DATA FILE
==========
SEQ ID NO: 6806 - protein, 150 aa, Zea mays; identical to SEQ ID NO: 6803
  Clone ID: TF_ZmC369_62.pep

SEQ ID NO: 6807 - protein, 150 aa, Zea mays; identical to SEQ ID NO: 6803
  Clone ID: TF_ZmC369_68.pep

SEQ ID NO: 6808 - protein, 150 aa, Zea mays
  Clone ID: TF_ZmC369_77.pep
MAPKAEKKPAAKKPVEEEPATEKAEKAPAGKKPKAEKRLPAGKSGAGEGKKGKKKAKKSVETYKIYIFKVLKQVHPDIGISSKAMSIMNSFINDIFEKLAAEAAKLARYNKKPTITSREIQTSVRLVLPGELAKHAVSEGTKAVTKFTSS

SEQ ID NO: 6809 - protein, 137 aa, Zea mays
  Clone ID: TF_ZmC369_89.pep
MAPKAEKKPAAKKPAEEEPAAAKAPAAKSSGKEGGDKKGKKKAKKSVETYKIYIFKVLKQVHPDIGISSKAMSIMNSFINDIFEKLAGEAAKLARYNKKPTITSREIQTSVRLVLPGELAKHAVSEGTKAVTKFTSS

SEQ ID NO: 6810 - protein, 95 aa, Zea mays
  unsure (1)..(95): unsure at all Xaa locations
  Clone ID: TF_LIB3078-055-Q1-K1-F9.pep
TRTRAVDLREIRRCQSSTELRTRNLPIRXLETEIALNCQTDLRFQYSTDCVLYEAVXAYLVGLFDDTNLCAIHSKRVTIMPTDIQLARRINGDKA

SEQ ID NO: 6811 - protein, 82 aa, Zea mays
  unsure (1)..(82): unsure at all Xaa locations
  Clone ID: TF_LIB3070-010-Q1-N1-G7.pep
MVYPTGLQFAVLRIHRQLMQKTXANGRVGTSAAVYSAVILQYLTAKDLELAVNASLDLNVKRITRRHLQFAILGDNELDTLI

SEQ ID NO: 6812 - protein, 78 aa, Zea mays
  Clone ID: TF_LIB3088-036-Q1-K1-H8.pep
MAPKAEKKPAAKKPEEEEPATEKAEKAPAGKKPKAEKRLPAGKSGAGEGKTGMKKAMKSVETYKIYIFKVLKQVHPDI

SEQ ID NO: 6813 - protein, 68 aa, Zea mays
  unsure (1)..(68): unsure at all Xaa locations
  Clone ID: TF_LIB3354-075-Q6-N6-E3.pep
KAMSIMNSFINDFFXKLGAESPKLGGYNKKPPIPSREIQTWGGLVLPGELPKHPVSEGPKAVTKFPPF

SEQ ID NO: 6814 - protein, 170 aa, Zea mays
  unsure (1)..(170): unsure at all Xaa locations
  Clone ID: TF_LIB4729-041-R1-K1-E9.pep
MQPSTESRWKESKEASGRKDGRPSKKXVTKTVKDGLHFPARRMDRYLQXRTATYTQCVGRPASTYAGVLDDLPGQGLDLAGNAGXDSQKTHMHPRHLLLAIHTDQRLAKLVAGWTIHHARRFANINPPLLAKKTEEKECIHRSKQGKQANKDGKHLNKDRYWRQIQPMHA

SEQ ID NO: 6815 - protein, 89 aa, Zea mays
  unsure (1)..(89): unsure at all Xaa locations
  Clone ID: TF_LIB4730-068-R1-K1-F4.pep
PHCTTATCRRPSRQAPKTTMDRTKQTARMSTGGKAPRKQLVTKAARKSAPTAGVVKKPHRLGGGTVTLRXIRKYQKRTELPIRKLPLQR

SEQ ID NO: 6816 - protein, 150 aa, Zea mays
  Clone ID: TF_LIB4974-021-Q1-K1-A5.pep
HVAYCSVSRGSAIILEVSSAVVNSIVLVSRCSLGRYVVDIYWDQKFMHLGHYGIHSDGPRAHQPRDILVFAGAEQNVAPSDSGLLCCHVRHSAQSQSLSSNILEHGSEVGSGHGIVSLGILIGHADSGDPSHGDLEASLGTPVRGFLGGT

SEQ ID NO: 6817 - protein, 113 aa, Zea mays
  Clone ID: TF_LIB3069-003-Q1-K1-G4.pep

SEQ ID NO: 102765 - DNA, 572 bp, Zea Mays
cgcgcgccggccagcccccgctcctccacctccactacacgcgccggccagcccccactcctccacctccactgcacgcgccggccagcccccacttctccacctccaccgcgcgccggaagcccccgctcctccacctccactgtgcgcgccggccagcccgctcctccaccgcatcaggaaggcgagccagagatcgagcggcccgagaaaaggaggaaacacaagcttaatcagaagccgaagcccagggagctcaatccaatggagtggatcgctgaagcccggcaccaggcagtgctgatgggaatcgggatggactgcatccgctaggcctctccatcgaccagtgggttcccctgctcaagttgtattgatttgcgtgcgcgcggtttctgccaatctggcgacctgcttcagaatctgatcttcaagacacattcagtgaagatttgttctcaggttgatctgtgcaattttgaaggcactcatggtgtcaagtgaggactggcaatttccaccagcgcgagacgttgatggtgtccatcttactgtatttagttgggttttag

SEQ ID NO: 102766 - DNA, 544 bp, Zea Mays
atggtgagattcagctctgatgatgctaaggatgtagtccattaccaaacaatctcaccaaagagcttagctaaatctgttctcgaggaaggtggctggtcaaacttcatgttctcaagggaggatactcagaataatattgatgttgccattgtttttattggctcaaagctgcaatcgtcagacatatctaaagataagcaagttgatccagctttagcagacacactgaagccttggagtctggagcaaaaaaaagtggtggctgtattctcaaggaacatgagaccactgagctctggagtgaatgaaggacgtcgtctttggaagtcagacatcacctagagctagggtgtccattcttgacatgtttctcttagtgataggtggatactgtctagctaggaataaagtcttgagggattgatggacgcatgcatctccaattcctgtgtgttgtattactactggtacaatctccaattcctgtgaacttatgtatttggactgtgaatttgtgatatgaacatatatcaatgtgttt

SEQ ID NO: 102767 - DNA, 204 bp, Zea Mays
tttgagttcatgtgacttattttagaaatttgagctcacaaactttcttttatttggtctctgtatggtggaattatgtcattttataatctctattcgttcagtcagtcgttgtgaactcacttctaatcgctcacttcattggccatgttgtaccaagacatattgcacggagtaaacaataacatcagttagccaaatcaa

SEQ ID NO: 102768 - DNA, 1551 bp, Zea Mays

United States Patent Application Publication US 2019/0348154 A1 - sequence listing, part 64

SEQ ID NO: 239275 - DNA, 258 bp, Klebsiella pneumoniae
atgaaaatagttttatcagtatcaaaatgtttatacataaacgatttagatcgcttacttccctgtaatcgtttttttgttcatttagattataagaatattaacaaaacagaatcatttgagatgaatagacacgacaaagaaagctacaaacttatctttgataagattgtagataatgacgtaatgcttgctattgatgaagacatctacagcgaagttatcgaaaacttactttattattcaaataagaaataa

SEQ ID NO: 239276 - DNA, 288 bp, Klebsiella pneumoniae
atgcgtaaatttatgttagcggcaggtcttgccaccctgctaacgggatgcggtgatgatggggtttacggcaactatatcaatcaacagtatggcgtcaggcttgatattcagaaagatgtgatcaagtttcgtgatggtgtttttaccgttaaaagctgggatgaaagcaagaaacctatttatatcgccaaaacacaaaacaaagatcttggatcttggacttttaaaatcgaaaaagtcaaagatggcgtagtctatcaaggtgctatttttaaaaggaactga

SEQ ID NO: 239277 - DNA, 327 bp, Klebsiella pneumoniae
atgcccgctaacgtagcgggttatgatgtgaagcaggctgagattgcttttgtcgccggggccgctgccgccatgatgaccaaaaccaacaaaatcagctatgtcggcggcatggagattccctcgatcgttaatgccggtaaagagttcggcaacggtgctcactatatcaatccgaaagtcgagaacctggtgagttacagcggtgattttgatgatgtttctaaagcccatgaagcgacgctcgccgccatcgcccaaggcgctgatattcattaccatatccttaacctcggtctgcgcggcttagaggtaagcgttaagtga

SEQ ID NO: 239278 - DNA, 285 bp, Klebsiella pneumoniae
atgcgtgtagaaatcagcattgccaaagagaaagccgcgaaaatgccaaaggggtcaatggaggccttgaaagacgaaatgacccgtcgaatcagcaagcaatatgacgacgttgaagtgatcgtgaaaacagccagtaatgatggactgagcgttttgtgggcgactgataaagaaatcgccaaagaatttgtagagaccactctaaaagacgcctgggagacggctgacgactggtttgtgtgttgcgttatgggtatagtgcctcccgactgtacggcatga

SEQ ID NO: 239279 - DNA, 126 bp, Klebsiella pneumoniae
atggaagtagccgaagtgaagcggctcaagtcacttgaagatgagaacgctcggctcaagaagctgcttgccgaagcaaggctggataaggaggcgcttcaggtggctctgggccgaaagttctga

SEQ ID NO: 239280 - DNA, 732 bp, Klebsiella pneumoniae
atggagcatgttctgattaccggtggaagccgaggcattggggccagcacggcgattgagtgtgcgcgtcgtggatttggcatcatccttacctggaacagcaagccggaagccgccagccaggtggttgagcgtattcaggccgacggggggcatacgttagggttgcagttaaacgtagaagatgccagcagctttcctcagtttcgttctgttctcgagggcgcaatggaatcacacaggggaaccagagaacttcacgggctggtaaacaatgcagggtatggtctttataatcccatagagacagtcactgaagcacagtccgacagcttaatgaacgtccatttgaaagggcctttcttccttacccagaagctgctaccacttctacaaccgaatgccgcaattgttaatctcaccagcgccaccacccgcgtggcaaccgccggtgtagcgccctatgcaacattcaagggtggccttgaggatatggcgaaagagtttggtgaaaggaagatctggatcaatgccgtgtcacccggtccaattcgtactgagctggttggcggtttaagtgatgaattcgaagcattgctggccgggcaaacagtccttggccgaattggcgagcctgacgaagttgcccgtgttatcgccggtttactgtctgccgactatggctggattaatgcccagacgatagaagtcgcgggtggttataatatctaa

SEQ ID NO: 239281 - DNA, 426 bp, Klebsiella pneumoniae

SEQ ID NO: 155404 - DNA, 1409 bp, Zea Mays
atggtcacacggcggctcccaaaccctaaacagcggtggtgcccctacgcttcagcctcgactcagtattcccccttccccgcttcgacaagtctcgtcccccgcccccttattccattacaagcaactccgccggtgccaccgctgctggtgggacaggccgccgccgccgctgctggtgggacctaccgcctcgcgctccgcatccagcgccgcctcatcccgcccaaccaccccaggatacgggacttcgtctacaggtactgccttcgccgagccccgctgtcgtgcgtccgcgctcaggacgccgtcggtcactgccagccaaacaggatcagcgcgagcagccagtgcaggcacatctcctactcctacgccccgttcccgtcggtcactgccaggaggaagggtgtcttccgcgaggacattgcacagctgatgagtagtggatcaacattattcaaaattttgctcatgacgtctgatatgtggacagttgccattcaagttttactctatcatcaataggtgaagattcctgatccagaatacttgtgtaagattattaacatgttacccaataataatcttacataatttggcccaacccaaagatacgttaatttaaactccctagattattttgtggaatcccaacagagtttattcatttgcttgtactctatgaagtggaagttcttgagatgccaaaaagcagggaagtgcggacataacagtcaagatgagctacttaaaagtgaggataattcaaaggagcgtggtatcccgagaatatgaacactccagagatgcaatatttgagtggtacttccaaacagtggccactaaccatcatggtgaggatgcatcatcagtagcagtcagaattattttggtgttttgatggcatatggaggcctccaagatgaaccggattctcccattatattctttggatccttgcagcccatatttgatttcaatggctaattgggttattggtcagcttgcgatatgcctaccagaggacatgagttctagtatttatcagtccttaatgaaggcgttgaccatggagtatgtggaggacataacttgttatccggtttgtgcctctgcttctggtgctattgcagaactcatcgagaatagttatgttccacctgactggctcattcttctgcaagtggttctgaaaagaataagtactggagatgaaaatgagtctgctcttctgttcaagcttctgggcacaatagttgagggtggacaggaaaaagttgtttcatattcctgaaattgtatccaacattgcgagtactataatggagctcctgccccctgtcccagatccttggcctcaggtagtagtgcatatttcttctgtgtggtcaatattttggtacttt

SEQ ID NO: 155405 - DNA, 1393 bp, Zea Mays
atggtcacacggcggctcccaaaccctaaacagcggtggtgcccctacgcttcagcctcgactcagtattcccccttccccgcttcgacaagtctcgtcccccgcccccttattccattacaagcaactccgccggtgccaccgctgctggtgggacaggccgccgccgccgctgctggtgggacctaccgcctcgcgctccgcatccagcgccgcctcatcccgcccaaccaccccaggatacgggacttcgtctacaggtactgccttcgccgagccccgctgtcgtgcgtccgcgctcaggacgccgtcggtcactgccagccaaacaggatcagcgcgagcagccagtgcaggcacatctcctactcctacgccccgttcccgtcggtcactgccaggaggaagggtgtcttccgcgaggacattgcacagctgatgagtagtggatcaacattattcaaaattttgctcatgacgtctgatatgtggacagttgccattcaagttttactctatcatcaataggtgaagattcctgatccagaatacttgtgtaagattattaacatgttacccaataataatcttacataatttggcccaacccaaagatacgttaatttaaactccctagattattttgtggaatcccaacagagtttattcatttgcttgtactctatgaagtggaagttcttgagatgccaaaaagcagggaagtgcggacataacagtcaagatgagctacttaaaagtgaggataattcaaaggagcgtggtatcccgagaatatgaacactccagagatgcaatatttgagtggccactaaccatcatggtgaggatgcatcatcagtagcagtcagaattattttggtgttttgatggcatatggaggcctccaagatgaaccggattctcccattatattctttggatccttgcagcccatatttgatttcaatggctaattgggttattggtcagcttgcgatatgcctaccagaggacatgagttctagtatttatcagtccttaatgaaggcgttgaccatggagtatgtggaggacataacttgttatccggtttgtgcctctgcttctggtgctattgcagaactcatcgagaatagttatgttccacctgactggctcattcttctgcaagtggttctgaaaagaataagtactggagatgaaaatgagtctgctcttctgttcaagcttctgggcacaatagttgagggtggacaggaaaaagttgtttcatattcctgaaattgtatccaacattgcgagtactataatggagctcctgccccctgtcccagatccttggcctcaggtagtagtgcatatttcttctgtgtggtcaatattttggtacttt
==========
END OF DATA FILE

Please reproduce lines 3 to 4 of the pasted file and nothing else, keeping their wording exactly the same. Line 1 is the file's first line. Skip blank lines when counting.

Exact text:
SEQ ID NO: 6807 - protein, 150 aa, Zea mays; identical to SEQ ID NO: 6803
  Clone ID: TF_ZmC369_68.pep